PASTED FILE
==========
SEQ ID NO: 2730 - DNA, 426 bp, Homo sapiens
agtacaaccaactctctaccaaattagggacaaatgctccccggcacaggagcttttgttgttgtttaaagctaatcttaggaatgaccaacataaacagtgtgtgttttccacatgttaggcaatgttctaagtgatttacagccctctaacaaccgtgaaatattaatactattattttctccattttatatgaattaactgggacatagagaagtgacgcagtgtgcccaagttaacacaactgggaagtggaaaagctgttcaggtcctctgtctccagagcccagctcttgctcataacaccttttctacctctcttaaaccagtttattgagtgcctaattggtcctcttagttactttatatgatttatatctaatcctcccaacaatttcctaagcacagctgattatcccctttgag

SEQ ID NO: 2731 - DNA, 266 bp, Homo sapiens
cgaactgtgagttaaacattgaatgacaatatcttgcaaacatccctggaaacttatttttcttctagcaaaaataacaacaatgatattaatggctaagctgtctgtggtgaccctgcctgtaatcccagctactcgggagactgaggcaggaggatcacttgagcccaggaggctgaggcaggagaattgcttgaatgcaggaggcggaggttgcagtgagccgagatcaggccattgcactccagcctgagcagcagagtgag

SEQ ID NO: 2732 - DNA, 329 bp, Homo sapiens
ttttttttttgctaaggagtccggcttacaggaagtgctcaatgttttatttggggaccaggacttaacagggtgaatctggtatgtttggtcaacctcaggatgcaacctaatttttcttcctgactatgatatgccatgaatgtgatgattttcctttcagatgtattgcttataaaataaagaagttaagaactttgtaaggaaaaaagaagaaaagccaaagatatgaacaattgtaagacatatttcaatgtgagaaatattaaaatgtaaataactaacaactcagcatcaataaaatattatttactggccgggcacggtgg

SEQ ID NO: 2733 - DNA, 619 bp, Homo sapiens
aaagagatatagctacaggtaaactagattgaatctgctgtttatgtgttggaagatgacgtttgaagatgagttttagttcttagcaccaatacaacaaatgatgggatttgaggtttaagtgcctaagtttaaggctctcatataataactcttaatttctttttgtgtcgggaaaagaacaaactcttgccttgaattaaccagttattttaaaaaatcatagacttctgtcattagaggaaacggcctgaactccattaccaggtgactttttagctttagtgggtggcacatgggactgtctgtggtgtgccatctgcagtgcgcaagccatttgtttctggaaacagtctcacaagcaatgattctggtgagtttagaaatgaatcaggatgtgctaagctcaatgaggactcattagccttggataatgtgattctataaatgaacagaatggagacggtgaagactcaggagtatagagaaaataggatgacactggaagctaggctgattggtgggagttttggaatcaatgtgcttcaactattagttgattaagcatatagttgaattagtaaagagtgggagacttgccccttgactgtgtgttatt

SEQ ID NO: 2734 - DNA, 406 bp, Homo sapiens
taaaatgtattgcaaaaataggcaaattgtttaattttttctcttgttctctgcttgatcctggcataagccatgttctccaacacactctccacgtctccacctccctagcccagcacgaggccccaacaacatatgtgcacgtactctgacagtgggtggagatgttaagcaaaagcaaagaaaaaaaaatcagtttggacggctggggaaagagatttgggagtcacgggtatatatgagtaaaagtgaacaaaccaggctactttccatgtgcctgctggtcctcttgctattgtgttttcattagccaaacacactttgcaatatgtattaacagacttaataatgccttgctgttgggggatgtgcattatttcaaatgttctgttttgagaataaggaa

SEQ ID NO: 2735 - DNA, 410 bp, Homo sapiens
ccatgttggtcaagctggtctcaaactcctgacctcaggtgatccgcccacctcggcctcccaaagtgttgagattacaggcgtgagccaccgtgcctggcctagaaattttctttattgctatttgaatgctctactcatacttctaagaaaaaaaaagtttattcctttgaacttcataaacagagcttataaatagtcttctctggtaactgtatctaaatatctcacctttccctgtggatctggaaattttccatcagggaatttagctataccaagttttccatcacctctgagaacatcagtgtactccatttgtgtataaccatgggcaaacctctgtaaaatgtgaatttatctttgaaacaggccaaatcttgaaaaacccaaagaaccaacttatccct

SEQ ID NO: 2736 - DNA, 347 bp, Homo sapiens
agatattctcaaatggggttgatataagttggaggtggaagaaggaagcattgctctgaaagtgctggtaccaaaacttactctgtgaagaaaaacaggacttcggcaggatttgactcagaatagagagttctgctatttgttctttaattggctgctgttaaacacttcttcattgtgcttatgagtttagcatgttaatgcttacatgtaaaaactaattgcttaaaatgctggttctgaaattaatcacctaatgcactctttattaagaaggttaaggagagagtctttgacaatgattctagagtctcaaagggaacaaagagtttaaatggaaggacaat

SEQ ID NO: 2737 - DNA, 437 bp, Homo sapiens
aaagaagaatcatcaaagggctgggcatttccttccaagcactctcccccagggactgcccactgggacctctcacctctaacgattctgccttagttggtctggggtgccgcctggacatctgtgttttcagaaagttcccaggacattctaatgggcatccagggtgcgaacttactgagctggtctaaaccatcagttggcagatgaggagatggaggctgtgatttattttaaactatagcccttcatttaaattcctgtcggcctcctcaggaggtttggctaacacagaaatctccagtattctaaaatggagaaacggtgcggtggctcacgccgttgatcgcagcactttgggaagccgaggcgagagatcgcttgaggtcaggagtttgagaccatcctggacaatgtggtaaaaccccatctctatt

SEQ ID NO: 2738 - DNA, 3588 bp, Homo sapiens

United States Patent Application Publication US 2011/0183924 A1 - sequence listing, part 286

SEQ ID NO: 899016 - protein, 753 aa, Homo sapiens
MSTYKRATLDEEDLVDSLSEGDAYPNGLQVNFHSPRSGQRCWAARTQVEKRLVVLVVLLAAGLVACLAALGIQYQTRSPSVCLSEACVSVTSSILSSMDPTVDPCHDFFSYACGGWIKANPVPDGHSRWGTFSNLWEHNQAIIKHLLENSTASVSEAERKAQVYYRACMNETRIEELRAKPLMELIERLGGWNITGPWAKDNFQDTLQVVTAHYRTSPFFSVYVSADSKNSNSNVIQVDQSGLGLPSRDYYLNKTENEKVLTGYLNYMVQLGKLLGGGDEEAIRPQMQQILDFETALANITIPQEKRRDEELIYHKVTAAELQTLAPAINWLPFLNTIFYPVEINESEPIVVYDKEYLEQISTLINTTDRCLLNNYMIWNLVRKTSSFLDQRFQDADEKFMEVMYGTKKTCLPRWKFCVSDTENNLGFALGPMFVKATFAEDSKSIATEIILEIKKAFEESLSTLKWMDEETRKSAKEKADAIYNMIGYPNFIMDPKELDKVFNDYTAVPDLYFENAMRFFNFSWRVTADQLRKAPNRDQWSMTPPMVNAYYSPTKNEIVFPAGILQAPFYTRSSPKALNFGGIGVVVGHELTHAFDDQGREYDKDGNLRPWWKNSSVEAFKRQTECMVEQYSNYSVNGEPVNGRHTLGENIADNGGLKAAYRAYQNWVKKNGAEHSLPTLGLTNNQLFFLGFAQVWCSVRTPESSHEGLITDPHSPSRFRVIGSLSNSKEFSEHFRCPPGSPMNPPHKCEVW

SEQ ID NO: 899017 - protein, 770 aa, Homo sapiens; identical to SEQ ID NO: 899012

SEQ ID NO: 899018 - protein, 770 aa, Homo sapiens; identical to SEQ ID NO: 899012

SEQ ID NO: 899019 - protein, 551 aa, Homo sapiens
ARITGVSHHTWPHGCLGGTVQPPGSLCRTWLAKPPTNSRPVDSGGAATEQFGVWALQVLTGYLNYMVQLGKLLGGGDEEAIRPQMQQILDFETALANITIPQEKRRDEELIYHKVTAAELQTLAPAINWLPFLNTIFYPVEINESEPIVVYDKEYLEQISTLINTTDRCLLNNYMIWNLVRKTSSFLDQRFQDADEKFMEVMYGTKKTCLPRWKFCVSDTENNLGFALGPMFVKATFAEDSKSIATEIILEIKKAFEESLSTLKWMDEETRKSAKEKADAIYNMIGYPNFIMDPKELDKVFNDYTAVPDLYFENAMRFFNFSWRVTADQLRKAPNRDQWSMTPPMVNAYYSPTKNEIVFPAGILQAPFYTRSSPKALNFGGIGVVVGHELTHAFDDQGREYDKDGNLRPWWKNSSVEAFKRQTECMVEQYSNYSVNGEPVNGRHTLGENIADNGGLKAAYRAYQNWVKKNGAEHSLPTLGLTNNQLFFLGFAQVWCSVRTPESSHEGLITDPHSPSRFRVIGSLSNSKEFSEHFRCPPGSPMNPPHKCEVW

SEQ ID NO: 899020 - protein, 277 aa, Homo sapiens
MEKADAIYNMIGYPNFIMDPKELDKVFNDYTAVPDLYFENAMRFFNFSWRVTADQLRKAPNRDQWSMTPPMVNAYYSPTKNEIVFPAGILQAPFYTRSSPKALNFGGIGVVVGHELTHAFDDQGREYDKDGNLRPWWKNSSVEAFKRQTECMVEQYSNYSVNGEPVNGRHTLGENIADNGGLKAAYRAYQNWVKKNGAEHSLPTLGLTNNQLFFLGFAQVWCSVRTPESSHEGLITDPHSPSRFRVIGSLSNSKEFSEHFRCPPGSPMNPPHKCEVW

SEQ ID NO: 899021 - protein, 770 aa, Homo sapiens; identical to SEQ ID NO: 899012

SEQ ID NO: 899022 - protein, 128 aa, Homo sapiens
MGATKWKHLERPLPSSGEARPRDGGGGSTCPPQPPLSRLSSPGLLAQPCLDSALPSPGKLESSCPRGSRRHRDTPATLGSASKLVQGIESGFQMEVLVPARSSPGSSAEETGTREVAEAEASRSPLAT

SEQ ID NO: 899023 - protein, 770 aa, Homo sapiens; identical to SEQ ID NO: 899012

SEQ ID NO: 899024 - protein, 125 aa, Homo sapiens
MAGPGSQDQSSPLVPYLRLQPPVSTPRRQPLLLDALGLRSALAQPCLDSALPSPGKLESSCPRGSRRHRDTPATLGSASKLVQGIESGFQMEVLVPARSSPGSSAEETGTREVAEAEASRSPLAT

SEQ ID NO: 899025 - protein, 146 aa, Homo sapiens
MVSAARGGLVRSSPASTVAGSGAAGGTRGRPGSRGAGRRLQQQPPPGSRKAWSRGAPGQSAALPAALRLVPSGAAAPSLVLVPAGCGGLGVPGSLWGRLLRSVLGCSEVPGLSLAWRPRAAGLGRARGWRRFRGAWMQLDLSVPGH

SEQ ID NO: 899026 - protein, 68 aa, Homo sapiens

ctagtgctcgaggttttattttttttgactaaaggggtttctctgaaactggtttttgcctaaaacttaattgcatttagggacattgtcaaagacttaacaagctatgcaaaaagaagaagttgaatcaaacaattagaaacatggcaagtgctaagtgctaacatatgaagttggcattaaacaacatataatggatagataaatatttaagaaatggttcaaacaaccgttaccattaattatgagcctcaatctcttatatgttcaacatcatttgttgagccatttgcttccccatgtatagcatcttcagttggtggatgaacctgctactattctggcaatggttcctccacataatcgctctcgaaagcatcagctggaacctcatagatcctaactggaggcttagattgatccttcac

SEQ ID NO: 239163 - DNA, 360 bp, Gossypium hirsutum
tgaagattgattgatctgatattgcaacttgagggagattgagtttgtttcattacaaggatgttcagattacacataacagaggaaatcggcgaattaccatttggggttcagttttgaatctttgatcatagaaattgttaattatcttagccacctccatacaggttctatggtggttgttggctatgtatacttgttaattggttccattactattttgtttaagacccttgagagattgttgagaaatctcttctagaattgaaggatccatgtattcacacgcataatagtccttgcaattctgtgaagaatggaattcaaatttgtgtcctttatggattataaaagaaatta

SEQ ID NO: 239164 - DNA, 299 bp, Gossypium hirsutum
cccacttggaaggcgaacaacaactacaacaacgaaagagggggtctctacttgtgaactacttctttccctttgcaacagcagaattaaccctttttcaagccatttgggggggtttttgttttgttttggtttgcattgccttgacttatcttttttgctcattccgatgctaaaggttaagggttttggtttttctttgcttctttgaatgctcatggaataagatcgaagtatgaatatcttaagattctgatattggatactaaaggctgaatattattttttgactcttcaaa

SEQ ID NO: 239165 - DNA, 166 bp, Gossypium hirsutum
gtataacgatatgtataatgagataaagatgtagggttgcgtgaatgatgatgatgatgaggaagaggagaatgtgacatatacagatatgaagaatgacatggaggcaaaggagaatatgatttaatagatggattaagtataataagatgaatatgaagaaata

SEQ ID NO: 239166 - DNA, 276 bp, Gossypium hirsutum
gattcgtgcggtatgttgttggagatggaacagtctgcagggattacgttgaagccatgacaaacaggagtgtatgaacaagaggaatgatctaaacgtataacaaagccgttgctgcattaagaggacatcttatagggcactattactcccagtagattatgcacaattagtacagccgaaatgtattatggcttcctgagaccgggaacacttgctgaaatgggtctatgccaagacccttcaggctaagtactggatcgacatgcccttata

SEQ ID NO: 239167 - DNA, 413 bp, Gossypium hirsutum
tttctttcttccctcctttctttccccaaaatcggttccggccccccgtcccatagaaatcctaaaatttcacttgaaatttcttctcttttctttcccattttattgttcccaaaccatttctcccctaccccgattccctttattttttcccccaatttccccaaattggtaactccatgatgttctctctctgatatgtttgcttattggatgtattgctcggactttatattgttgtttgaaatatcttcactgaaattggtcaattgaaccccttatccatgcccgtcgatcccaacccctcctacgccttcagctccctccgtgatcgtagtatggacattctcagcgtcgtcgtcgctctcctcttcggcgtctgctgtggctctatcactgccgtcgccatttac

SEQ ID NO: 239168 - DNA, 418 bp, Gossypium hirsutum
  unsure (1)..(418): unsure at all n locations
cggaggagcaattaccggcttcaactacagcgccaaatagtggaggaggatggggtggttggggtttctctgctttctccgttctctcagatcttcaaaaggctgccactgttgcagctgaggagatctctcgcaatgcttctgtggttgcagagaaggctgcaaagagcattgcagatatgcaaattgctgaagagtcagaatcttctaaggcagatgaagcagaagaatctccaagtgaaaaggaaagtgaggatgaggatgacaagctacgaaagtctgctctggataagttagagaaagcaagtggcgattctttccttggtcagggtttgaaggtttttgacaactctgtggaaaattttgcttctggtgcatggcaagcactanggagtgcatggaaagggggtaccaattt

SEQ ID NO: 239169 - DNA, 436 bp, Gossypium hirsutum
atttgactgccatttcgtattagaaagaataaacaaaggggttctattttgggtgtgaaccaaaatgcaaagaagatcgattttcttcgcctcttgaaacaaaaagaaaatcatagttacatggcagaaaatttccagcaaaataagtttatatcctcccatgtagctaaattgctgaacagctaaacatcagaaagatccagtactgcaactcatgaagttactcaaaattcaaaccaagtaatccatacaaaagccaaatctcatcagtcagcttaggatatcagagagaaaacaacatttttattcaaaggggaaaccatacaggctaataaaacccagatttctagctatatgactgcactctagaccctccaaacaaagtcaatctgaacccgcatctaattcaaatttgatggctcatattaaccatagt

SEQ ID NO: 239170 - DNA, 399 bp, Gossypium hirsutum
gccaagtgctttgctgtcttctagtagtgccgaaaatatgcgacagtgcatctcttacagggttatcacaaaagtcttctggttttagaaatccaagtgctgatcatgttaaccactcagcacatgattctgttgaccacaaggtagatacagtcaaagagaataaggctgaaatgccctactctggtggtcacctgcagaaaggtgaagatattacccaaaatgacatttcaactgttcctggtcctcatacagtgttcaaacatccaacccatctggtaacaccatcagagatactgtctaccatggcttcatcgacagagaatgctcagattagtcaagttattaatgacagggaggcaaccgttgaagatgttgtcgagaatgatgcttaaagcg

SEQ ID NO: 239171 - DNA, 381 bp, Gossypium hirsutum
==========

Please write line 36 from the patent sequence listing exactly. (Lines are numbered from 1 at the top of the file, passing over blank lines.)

ctagtgctcgaggttttattttttttgactaaaggggtttctctgaaactggtttttgcctaaaacttaattgcatttagggacattgtcaaagacttaacaagctatgcaaaaagaagaagttgaatcaaacaattagaaacatggcaagtgctaagtgctaacatatgaagttggcattaaacaacatataatggatagataaatatttaagaaatggttcaaacaaccgttaccattaattatgagcctcaatctcttatatgttcaacatcatttgttgagccatttgcttccccatgtatagcatcttcagttggtggatgaacctgctactattctggcaatggttcctccacataatcgctctcgaaagcatcagctggaacctcatagatcctaactggaggcttagattgatccttcac